This paper presents a new apparatus to measure elastic properties and internal friction of materials. The apparatus excites the test specimen by a light mechanical impact (impulse excitation) and performs a software-based analysis of the resulting vibration. The resonant frequencies fr of the test object are determined and, in the case of isotropic and regular shaped specimens, the elastic moduli are calculated. The internal friction value (Q−1) is determined for each fr as Q−1=k/(πfr) with k the exponential decay parameter of the vibration component of frequency fr. A furnace was designed and equipped with automated impulse excitation and vibration detection devices, thus allowing computer-controlled measurements at temperatures up to 1750 °C. The precision of the measured fr depends on the size and stiffness of the specimen, and varies from the order of 10−3 (that is ±1 Hz at 1 kHz) in soft, high damping materials or light specimens, to values as precise as 10−5 (that is ±0.1 Hz at 10 kHz) in larger or stiffer specimens. The highly reproducible Q−1 measurements are accurate whenever the relation Q−1=k/(πfr) holds. The precision of the Q−1 measurement depends on the suspension or support of the specimen, and on the specimen size. Since external energy losses are relatively smaller for larger specimens, the lower limit of measurable Q−1 extends from 10−3 for small specimens (for example <1 g) down to 10−5 with increasing specimen size. High temperature tests have shown that Q−1 can be monitored up to values of about 0.1.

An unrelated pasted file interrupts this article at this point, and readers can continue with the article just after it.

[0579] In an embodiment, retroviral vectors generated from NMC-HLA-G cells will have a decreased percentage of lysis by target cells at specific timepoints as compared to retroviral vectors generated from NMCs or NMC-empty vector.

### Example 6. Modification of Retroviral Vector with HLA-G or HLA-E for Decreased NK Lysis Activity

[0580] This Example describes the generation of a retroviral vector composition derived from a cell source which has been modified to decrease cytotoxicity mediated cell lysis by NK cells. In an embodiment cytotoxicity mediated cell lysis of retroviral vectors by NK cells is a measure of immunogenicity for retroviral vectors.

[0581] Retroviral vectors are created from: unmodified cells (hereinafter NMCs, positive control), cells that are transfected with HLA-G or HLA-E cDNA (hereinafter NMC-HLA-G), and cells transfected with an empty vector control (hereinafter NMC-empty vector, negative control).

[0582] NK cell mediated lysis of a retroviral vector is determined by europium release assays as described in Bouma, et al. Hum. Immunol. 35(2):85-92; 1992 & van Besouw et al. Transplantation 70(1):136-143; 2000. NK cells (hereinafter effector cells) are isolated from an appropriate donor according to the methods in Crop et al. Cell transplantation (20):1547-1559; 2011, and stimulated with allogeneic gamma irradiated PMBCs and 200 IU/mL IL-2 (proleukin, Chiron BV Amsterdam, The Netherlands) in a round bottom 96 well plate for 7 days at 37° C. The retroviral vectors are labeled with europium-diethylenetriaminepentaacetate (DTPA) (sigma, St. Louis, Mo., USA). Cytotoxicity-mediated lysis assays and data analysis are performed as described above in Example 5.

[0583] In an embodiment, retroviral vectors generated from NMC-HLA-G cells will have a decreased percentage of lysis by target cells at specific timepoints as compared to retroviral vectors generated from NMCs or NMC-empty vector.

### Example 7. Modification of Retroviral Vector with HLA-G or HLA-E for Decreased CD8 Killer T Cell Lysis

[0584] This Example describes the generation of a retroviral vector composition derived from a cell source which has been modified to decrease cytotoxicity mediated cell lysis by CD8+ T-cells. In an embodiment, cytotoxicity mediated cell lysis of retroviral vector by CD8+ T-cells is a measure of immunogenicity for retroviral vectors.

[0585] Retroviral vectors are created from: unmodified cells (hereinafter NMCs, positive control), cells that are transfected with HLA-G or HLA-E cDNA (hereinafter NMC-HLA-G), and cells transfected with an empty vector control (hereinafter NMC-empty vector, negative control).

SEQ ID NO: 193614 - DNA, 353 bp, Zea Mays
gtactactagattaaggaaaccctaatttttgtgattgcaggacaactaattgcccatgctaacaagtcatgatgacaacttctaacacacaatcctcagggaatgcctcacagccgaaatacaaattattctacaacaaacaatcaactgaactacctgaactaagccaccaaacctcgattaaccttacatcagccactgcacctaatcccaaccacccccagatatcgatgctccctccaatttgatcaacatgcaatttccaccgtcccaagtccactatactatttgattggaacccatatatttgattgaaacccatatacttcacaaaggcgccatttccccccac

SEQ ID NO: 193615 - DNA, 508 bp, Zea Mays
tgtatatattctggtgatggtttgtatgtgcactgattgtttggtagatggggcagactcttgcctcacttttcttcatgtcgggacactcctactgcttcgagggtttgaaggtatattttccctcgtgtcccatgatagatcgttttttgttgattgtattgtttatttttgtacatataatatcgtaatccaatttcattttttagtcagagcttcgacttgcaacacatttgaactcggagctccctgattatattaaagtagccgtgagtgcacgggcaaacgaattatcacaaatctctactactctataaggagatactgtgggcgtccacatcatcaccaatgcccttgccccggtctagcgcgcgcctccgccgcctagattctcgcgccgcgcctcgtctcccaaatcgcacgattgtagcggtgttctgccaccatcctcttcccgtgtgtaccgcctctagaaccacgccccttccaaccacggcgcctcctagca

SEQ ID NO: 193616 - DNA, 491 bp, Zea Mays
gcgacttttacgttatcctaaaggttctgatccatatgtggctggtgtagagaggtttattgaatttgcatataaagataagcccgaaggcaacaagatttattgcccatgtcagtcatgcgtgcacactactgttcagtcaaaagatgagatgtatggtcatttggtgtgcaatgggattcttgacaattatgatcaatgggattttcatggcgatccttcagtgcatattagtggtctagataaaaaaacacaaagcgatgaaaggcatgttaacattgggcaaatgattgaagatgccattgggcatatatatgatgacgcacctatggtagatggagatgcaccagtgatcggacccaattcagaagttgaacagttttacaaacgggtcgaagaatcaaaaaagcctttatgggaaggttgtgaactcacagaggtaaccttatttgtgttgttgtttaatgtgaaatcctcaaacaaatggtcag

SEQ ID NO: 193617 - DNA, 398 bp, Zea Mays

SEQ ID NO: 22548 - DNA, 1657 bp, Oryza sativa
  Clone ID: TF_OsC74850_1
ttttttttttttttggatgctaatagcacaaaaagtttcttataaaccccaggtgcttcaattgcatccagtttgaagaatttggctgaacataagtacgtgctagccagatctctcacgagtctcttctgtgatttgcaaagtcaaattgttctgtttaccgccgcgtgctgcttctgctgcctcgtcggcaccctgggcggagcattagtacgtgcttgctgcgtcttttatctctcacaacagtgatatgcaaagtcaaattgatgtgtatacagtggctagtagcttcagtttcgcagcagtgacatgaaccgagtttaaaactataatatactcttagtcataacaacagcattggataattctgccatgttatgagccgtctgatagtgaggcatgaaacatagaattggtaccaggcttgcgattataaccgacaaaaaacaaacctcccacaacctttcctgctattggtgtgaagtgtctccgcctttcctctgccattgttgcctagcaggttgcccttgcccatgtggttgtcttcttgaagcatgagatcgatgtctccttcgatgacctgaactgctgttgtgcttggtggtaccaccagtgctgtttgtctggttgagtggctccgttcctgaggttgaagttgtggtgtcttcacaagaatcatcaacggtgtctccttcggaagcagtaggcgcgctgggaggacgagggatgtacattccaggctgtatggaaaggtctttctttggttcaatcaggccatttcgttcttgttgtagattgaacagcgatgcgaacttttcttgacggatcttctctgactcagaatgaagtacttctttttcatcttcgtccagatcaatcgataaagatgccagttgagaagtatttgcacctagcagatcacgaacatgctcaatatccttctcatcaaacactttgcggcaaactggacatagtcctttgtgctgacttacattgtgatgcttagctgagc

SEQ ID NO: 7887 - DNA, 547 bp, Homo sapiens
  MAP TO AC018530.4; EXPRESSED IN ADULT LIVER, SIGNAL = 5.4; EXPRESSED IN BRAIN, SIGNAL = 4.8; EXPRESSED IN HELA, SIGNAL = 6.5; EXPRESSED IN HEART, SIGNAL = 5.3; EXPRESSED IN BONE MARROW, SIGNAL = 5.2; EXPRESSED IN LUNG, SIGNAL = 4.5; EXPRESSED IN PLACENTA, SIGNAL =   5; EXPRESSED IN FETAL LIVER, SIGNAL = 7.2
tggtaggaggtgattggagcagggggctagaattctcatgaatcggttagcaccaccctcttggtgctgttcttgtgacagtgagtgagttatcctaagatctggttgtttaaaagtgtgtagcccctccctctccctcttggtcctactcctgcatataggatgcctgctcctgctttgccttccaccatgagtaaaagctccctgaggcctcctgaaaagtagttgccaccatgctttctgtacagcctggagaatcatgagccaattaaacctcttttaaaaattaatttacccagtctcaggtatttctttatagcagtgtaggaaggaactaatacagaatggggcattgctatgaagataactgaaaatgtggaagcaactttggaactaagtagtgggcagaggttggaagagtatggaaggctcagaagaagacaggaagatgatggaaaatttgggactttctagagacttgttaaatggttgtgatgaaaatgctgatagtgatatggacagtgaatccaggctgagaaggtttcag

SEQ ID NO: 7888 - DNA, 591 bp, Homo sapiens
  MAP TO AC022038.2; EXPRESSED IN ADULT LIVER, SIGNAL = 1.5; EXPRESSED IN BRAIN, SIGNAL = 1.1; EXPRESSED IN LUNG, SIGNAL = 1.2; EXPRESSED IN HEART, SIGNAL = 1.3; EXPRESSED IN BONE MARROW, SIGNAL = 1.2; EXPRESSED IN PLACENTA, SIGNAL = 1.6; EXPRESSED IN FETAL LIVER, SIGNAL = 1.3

High temperature flexural strength of ZrB2–20 vol% SiC ceramics (ZS) up to 1600°C in high purity argon atmosphere was significantly improved by adding 5 vol% WC, but degraded when 5 vol% ZrC was added. ZrB2–20SiC–5WC ceramic (ZSW) has a very high strength (mean ± SD) of 675 ± 33 MPa at 1600°C, and also an elastic and transgranular fracture mode was observed. According to the analysis of the fracture modes and crack origins in ZSW ceramics, the improvement in strength above 1000°C was attributed to the removal of the oxide impurities from grain boundaries.
scite is a Brooklyn-based organization that helps researchers better discover and understand research articles through Smart Citations–citations that display the context of the citation and describe whether the article provides supporting or contrasting evidence. scite is used by students and researchers from around the world and is funded in part by the National Science Foundation and the National Institute on Drug Abuse of the National Institutes of Health.